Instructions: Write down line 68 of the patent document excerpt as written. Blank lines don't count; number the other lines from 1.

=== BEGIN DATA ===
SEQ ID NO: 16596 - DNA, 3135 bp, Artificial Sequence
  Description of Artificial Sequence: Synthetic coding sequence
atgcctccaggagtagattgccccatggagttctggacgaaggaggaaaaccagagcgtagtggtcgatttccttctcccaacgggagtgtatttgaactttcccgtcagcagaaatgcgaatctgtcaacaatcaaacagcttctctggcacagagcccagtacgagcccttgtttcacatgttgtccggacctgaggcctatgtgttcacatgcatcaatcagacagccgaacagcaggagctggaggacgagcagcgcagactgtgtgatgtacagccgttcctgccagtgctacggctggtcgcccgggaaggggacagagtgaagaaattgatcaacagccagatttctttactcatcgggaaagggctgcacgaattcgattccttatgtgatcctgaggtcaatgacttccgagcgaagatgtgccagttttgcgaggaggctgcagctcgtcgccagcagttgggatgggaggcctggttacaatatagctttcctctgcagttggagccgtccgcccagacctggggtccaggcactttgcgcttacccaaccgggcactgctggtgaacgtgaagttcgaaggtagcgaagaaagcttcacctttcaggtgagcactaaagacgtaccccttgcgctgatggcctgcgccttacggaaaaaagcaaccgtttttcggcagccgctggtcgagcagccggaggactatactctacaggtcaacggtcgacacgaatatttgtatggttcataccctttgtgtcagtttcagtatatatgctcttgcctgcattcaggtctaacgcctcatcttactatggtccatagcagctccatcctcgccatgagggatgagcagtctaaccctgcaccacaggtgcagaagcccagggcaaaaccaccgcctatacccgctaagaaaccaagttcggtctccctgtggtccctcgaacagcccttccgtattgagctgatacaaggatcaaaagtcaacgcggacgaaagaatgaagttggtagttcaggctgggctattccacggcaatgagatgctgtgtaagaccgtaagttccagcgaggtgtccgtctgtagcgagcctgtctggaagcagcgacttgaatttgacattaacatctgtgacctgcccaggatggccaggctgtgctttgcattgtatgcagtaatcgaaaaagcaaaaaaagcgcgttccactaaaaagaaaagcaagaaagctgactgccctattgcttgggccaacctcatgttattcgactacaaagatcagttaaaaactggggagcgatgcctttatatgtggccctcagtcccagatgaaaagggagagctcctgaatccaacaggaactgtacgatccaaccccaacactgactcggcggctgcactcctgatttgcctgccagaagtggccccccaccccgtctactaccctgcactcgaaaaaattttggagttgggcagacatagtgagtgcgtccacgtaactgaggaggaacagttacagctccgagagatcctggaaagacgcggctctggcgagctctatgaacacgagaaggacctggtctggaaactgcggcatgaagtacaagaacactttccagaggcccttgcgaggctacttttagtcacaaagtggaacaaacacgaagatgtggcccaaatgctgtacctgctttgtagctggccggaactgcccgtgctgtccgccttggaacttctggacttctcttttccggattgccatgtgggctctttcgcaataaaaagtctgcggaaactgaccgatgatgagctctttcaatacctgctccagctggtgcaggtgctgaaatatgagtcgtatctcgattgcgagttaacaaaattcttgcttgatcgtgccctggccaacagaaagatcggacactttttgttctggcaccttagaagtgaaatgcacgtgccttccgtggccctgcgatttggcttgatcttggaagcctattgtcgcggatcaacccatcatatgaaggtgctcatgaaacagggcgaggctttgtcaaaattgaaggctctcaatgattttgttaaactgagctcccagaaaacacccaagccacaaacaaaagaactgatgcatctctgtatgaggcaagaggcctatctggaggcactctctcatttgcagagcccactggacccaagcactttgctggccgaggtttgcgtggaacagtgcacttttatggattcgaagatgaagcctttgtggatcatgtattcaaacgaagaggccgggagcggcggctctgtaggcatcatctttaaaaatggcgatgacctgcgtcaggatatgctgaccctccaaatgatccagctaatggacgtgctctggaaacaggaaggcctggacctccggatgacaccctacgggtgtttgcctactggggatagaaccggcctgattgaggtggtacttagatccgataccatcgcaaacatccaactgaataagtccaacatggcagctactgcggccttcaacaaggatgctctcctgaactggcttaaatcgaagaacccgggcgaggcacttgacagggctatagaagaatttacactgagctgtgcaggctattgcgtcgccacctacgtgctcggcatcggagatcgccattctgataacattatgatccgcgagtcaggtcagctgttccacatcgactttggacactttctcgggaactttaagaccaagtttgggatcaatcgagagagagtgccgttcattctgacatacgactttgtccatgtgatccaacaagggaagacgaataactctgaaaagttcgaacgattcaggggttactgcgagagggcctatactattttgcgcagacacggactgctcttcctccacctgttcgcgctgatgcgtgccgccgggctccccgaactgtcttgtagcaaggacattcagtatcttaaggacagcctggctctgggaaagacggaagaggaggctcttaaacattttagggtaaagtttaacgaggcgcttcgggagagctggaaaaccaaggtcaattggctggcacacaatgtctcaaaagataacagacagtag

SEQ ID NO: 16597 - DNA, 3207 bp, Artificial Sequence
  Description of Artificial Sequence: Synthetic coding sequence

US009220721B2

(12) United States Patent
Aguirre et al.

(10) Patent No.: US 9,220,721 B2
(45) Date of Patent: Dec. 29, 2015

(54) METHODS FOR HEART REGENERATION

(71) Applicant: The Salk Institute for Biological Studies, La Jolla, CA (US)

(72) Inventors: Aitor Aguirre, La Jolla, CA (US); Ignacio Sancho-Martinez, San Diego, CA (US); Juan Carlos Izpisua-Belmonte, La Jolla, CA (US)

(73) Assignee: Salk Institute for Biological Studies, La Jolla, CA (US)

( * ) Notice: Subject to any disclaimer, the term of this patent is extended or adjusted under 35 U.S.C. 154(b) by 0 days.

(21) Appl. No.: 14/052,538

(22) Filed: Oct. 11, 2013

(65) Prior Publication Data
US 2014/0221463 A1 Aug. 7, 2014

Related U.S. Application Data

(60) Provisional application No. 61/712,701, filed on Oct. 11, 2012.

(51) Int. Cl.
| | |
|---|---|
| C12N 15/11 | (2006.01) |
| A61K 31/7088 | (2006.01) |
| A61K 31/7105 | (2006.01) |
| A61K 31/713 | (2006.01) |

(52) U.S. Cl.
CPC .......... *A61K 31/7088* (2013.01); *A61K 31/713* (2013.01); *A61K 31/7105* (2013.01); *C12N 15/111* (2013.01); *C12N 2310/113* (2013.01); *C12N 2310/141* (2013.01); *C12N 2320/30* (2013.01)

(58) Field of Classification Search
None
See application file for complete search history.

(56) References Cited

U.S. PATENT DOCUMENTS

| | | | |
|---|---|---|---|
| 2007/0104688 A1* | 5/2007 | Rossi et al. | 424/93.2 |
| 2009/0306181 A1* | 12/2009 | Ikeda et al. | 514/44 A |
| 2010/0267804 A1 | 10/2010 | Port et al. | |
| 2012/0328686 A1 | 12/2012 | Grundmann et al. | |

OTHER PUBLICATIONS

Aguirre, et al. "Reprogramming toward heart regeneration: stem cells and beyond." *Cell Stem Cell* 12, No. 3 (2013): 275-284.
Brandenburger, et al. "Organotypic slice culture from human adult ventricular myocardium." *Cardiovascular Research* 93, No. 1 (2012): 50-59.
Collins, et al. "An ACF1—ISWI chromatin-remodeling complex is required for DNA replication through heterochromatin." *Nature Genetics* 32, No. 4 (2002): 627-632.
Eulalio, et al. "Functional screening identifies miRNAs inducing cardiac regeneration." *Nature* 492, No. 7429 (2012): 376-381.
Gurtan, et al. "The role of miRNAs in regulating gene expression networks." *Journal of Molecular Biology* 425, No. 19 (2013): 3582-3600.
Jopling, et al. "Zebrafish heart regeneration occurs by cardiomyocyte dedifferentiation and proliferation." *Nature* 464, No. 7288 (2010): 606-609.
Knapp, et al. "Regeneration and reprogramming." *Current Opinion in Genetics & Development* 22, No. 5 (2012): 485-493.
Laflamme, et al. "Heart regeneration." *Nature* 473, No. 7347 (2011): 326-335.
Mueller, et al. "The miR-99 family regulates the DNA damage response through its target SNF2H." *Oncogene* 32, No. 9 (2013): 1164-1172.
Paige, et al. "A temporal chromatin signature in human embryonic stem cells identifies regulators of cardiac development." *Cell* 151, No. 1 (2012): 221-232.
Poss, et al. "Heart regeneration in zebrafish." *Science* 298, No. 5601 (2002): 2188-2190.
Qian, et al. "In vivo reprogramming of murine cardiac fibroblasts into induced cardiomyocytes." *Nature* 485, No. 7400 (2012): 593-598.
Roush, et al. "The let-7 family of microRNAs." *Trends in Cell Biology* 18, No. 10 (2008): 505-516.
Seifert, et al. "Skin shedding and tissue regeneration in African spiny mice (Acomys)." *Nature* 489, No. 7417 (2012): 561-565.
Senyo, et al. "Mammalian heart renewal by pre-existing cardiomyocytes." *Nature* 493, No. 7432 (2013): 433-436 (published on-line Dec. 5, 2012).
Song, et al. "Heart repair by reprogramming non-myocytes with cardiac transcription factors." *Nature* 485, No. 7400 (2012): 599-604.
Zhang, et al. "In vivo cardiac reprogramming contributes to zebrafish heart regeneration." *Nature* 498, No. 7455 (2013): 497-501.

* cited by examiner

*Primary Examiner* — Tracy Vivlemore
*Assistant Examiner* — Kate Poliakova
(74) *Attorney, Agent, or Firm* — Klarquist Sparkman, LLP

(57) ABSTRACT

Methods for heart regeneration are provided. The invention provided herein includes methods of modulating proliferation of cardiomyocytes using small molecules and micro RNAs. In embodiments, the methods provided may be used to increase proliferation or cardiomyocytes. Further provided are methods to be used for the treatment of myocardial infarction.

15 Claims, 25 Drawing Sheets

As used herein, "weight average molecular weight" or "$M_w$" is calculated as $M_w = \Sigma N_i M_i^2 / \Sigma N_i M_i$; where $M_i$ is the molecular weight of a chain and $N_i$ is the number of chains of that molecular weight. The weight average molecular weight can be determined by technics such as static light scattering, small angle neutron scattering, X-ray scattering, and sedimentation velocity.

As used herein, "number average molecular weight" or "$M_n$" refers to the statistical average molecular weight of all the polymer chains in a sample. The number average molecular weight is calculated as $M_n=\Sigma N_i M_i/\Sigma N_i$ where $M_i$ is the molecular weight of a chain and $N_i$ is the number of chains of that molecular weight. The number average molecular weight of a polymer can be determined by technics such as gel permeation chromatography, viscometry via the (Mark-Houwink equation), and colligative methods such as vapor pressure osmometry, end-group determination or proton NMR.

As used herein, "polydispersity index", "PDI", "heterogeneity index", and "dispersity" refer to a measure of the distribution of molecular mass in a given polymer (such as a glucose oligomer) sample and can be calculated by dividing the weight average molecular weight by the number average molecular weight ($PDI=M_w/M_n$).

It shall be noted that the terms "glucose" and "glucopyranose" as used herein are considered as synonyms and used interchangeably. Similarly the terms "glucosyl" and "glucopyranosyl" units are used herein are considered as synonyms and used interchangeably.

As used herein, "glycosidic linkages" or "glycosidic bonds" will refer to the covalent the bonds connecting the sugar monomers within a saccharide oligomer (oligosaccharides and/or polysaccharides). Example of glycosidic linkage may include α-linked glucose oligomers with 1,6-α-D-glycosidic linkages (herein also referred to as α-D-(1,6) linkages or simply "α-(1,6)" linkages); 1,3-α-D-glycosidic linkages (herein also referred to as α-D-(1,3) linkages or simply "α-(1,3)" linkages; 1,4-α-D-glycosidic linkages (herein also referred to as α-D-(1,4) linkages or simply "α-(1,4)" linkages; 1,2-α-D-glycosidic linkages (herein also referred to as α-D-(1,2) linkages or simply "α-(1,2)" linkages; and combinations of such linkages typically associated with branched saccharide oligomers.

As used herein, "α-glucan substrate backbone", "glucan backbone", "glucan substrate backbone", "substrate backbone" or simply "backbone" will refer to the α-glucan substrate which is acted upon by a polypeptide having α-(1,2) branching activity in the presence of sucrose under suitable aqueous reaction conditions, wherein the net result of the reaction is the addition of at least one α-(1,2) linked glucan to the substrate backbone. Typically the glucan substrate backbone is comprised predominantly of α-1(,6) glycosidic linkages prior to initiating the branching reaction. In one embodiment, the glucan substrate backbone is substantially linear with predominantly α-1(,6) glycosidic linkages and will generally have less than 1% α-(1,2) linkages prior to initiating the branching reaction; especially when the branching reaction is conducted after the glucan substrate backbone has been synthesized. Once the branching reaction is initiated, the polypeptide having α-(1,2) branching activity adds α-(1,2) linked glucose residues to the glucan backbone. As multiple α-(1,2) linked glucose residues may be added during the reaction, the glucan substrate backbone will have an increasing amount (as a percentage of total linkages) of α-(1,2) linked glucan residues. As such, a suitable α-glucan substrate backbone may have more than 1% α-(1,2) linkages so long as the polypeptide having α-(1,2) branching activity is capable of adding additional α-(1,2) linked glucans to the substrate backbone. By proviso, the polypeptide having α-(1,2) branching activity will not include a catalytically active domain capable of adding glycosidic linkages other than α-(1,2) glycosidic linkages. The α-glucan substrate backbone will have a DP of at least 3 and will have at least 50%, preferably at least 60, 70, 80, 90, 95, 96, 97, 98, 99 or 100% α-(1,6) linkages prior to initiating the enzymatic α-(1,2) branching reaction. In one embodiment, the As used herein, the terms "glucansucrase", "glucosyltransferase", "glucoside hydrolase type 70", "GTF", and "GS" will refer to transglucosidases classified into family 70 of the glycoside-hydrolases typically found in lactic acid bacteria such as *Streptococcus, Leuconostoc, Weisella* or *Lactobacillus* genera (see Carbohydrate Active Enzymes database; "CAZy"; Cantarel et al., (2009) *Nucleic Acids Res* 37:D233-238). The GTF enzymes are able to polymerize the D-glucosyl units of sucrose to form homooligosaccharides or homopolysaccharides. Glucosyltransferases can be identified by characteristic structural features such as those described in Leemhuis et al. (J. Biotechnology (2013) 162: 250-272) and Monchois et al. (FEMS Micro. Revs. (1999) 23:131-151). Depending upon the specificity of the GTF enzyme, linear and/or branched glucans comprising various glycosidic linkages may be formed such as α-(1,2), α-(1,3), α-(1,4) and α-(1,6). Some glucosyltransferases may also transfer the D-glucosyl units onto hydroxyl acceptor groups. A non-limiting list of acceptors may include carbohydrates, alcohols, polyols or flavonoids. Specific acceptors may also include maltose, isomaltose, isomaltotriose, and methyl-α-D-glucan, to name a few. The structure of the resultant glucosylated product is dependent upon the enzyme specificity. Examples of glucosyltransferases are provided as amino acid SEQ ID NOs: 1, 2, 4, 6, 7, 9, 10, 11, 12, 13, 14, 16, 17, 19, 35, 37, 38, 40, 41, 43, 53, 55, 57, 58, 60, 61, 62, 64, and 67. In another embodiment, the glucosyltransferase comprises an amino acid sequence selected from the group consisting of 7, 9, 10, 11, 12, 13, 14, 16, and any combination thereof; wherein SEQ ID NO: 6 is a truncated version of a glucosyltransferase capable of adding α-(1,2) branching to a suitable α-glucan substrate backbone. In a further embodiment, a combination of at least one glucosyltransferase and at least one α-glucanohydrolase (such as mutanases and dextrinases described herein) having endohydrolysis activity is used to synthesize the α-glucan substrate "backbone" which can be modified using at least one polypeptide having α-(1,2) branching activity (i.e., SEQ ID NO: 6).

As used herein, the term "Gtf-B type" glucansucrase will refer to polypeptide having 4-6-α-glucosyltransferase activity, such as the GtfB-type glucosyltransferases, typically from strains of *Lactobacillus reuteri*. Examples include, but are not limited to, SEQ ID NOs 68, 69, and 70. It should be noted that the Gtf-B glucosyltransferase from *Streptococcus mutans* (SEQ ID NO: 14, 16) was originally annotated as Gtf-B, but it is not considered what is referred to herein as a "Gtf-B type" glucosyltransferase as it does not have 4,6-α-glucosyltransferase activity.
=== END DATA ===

As used herein, "number average molecular weight" or "$M_n$" refers to the statistical average molecular weight of all the polymer chains in a sample. The number average molecular weight is calculated as $M_n=\Sigma N_i M_i/\Sigma N_i$ where $M_i$ is the molecular weight of a chain and $N_i$ is the number of chains of that molecular weight. The number average molecular weight of a polymer can be determined by technics such as gel permeation chromatography, viscometry via the (Mark-Houwink equation), and colligative methods such as vapor pressure osmometry, end-group determination or proton NMR.